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Blues Enjoy Practice at Yost Ice Arena

by Chris Pinkert / St. Louis Blues

ANN ARBOR - Some of the best history lessons at the University of Michigan aren’t found in the classroom or in those expensive college textbooks.

No, some are available for the cost of a ticket to a Wolverines hockey game, where history is painted all over the walls of the 5,800-seat Yost Ice Arena.

Items of historical significance include nine NCAA championship banners, 24 Frozen Four appearances and plenty of wrapped columns showing Michigan players that have made it to the NHL, including Marty Turco, Brendan Morrison, Mike Cammalleri, Andrew Cogliano, Carl Hagelin, Jack Johnson and Max Pacioretty.

For the Blues, who have embarked on a four-day team-building trip to Ann Arbor, it was a sight to see.


Former Blue Red Berenson gives Ken Hitchcock a tour of the University of Michigan's hockey facility. Berenson has worked as the Wolverines head coach for 31 years, winning two national championships.
Photos: Practice at Yost Arena

“I never had a chance to play here in college, but you hear about the environment,” said Blues defenseman Chris Butler, who played three seasons of college hockey at the University of Denver. “You talk to [Kevin Shattenkirk] or some of the guys that have played here, it’s probably one of the best environments in college hockey. The student section is loud and they’re right on top of you.”

Although Friday’s practice lacked noise from the stands (practice was closed to the general public), it didn’t come without its sense of awe. Yost Ice Arena was built in 1923 and was named for Fielding Harris Yost, the legendary Michigan football coach who served from 1901 to 1924. The venue originally was a practice facility for the Michigan football and basketball programs, but was converted for hockey in 1973.

“It’s been a real adjustment for our players. We never get to see this,” said Blues Head Coach Ken Hitchcock. “It’s refreshing and it’s a throwback to where guys played college or junior hockey. The ice was terrific, the facility and the (Wolverines) have been accommodating of anything we need.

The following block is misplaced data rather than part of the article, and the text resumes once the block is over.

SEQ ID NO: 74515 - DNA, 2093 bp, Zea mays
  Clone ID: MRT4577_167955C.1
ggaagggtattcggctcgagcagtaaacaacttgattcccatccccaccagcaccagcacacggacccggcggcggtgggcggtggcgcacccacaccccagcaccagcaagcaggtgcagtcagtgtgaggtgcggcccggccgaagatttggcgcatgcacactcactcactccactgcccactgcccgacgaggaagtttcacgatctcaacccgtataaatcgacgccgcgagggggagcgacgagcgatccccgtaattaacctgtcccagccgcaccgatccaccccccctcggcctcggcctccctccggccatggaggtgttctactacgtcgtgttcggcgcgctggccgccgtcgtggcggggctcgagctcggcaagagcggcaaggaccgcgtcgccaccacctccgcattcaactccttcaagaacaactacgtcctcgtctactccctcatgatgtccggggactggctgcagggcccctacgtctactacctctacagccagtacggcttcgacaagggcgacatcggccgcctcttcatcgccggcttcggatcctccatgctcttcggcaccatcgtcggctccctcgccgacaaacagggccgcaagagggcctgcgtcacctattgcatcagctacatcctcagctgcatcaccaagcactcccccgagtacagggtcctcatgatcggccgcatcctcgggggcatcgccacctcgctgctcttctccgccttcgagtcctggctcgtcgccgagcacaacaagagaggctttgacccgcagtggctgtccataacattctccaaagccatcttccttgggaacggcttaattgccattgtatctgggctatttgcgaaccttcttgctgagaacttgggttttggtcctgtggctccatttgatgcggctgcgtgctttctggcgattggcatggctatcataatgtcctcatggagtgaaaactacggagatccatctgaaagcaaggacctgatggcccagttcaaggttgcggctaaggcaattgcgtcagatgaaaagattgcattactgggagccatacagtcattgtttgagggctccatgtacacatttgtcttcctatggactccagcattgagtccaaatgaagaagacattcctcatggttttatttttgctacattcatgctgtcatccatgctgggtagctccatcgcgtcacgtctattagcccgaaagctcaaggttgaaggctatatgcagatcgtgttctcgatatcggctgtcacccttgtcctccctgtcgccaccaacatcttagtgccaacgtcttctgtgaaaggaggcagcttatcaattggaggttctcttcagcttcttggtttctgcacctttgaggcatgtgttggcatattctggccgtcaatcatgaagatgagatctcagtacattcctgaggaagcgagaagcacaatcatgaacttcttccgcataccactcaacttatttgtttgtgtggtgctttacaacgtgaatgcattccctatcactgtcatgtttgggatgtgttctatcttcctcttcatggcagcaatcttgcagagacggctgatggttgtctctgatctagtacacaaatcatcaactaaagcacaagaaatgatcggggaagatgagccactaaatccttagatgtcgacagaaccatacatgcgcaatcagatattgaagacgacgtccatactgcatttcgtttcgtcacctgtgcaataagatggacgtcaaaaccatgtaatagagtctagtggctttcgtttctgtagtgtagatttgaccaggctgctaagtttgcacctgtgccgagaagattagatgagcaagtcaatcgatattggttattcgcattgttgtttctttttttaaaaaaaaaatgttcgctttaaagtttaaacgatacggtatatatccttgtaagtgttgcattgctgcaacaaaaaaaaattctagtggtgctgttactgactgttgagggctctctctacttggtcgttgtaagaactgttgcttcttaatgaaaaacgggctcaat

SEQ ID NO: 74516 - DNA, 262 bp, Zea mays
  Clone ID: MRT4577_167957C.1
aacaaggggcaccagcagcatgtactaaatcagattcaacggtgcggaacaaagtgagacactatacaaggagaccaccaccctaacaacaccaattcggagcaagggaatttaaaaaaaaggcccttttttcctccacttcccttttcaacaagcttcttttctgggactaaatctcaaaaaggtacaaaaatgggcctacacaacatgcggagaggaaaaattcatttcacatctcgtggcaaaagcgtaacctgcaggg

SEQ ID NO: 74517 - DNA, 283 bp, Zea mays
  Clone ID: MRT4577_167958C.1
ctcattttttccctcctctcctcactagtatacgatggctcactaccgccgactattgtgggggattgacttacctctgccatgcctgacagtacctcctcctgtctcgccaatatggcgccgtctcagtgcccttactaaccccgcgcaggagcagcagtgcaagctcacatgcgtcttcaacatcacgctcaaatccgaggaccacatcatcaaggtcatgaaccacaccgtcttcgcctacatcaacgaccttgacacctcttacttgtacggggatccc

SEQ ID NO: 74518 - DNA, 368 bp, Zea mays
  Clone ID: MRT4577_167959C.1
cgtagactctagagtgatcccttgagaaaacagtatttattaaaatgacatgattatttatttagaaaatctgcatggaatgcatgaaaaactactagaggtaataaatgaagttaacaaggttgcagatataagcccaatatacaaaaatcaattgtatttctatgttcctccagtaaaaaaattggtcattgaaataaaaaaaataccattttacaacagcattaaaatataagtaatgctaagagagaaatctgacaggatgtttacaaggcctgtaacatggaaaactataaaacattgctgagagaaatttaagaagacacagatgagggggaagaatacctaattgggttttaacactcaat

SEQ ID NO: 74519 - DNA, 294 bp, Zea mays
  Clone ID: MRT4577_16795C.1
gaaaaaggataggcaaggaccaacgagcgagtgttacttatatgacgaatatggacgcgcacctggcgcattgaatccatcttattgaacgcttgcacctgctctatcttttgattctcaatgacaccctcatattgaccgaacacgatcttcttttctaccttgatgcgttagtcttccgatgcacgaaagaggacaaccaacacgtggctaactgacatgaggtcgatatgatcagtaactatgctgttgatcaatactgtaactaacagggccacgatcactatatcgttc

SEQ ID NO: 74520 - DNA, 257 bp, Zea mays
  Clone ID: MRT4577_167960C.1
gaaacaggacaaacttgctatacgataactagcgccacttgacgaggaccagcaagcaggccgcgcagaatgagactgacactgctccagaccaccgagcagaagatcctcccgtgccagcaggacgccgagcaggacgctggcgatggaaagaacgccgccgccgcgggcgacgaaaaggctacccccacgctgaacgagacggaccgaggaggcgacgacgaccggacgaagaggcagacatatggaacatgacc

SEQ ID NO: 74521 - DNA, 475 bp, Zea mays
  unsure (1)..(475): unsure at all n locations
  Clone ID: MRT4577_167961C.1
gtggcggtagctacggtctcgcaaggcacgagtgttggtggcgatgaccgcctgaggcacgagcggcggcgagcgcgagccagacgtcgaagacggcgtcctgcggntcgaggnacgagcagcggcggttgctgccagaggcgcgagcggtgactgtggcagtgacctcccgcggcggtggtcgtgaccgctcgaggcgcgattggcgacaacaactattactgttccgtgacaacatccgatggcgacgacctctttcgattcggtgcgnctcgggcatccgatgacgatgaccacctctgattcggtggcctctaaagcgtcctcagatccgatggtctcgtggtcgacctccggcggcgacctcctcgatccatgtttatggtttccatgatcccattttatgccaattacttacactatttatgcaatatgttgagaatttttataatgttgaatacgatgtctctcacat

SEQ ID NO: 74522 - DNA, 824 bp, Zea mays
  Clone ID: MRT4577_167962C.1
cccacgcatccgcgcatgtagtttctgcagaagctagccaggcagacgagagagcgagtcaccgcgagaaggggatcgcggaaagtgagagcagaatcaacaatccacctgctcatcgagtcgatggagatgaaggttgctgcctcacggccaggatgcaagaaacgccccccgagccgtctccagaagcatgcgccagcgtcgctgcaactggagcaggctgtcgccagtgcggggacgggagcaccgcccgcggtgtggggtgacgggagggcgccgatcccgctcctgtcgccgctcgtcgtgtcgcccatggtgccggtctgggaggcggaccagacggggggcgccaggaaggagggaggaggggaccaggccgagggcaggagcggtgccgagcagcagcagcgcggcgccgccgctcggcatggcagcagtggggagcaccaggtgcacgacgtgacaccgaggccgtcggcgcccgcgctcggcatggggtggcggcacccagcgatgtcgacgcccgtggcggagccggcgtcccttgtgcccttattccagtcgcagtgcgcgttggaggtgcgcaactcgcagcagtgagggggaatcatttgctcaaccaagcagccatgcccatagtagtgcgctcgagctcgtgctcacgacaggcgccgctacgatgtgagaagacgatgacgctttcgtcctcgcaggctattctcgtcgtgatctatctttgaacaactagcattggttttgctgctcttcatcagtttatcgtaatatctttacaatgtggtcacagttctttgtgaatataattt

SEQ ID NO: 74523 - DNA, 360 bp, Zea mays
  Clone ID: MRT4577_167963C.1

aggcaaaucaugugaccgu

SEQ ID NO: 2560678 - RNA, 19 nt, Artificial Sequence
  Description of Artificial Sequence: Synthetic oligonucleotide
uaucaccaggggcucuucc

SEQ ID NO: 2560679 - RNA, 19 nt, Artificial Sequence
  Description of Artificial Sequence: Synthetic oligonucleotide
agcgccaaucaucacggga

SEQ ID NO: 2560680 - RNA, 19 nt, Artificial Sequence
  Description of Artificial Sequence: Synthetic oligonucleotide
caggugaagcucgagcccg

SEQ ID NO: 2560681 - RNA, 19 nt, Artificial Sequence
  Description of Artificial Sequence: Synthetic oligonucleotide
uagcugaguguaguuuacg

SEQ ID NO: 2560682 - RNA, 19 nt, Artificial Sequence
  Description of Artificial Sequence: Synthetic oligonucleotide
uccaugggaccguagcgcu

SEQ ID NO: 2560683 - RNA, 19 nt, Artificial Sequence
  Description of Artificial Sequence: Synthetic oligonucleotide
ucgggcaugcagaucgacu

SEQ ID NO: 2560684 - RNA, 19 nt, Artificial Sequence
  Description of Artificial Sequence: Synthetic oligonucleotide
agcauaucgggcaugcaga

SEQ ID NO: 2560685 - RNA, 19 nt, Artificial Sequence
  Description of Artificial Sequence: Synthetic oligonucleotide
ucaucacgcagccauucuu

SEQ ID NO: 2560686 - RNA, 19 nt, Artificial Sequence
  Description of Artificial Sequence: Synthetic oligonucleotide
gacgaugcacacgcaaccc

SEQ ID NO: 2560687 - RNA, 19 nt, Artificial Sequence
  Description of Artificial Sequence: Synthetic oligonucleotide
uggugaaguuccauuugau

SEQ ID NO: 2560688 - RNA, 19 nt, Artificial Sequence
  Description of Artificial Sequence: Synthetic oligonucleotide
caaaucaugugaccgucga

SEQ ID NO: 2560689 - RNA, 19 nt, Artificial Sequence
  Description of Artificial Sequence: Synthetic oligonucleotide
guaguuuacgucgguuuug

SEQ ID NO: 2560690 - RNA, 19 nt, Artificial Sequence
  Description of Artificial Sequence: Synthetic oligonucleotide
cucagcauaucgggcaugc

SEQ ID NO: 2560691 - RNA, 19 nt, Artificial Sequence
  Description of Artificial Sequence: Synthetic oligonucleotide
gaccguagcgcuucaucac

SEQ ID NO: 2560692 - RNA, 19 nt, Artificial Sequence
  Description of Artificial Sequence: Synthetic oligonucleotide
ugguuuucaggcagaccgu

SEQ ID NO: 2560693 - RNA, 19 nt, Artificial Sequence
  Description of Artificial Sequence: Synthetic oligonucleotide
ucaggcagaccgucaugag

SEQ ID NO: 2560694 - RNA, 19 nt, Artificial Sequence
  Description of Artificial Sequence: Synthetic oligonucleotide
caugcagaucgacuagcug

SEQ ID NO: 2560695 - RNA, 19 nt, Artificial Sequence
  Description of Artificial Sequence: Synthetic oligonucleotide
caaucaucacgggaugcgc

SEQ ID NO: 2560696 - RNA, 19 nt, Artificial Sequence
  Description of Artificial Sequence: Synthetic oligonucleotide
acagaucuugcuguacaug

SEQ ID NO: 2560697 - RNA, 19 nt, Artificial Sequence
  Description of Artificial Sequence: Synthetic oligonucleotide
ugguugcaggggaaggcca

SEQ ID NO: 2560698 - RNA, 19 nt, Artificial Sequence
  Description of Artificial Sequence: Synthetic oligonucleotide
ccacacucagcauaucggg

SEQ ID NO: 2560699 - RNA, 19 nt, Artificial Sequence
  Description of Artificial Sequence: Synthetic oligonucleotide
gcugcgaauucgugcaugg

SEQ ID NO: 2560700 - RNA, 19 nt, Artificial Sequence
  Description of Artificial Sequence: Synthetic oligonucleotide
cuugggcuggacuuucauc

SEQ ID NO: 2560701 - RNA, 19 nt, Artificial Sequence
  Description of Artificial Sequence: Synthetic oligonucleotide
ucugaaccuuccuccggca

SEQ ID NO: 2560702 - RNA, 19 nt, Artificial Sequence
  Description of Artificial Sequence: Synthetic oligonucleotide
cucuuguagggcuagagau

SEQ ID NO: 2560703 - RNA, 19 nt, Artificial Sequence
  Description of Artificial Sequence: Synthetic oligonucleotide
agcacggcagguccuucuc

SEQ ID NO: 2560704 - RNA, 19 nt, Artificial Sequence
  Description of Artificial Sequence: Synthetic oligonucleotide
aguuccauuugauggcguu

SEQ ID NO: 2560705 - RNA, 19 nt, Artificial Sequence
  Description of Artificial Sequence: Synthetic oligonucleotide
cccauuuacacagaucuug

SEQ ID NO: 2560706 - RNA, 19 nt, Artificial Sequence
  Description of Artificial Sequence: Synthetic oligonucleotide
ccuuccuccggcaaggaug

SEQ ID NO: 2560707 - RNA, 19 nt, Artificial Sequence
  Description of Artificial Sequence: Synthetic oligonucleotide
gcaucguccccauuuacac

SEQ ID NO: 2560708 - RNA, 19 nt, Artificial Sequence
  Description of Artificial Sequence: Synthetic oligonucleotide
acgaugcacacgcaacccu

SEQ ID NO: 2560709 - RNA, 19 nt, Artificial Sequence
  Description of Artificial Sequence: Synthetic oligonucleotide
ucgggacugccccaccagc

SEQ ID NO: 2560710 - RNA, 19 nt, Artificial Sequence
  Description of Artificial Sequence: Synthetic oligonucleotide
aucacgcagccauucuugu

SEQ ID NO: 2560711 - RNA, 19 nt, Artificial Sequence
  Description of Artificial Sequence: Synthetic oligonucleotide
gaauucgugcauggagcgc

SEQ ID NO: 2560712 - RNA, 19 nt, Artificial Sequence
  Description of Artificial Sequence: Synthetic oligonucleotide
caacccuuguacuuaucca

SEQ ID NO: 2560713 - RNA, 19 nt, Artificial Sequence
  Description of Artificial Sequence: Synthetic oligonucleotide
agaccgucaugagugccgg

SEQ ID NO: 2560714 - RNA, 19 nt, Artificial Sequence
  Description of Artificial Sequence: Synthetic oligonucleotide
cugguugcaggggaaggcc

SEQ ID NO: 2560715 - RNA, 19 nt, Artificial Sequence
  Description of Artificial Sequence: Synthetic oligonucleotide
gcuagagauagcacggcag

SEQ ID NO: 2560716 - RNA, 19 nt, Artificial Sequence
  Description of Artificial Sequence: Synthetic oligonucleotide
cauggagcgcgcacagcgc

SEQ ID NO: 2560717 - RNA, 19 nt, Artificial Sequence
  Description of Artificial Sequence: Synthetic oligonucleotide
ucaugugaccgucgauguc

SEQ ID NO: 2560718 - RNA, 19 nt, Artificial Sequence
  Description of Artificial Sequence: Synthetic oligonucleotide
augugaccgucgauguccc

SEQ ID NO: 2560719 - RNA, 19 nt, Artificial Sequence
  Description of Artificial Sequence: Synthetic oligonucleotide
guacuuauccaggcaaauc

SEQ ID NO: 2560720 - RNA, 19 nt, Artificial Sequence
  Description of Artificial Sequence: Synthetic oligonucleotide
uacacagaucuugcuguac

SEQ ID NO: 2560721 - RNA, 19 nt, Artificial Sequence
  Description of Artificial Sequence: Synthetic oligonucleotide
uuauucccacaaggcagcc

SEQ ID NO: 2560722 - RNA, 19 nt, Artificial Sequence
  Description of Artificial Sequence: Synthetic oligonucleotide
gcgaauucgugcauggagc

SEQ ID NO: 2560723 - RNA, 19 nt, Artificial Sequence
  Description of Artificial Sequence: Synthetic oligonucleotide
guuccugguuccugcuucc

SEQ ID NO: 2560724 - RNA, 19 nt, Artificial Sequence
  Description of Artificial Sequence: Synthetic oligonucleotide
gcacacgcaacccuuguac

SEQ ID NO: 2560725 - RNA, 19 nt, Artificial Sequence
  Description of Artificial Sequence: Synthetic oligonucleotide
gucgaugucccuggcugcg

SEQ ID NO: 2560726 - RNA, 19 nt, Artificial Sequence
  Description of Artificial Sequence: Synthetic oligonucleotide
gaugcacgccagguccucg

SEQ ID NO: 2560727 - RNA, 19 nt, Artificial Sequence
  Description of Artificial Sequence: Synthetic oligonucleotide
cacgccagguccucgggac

"It’s a good set up for the players.”

The Blues will get a day off on Saturday but will practice at Yost again on Sunday and Monday before returning to St. Louis for the start of the regular season. Hitchcock believes getting away from home will give the team a better focus as it prepares for Opening Night on Oct. 8.

“You’ve got unlimited time to work on things in practice and you’ve got a lot of good camaraderie with the players,” Hitchcock said. “When you’ve got unlimited teaching time, there’s a lot of aspects on special teams and things we can work on, especially getting the details in so we can start fast.”

Away from practice, the Blues will get a chance to relax and catch up with teammates. Goalies Brian Elliott and Jake Allen plan to go fly-fishing on Saturday, while Shattenkirk will meet up his billet family from his days with the U.S. National Development team in Ann Arbor before attending Michigan's exhibition game on Sunday.

Blues coaches will also find time for a private tour of The Big House.

“We get to relax a little and get together before the season starts, do some things as a team,” said Blues forward Jaden Schwartz, whose university days were spent at Colorado College in Colorado Springs. “It’s a change of scenery and something new, so it’s fun."

Friday's practice also included a tour of the facility from former Blue Red Berenson, who has spent the last 31 years as the Head Coach of the Michigan Wolverines. Berenson has led Michigan to two national championships and 11 Frozen Four appearances.

"He meant a lot to the Blues organization," said Butler, a native St. Louisan. "A terrific player and you look at what he’s done here - not many coaches survive that long through the ups and downs, and it's mainly ups with his program. It's so storied. You look at the players they’ve produced and some of the names on the wall here, it’s a pretty special place."

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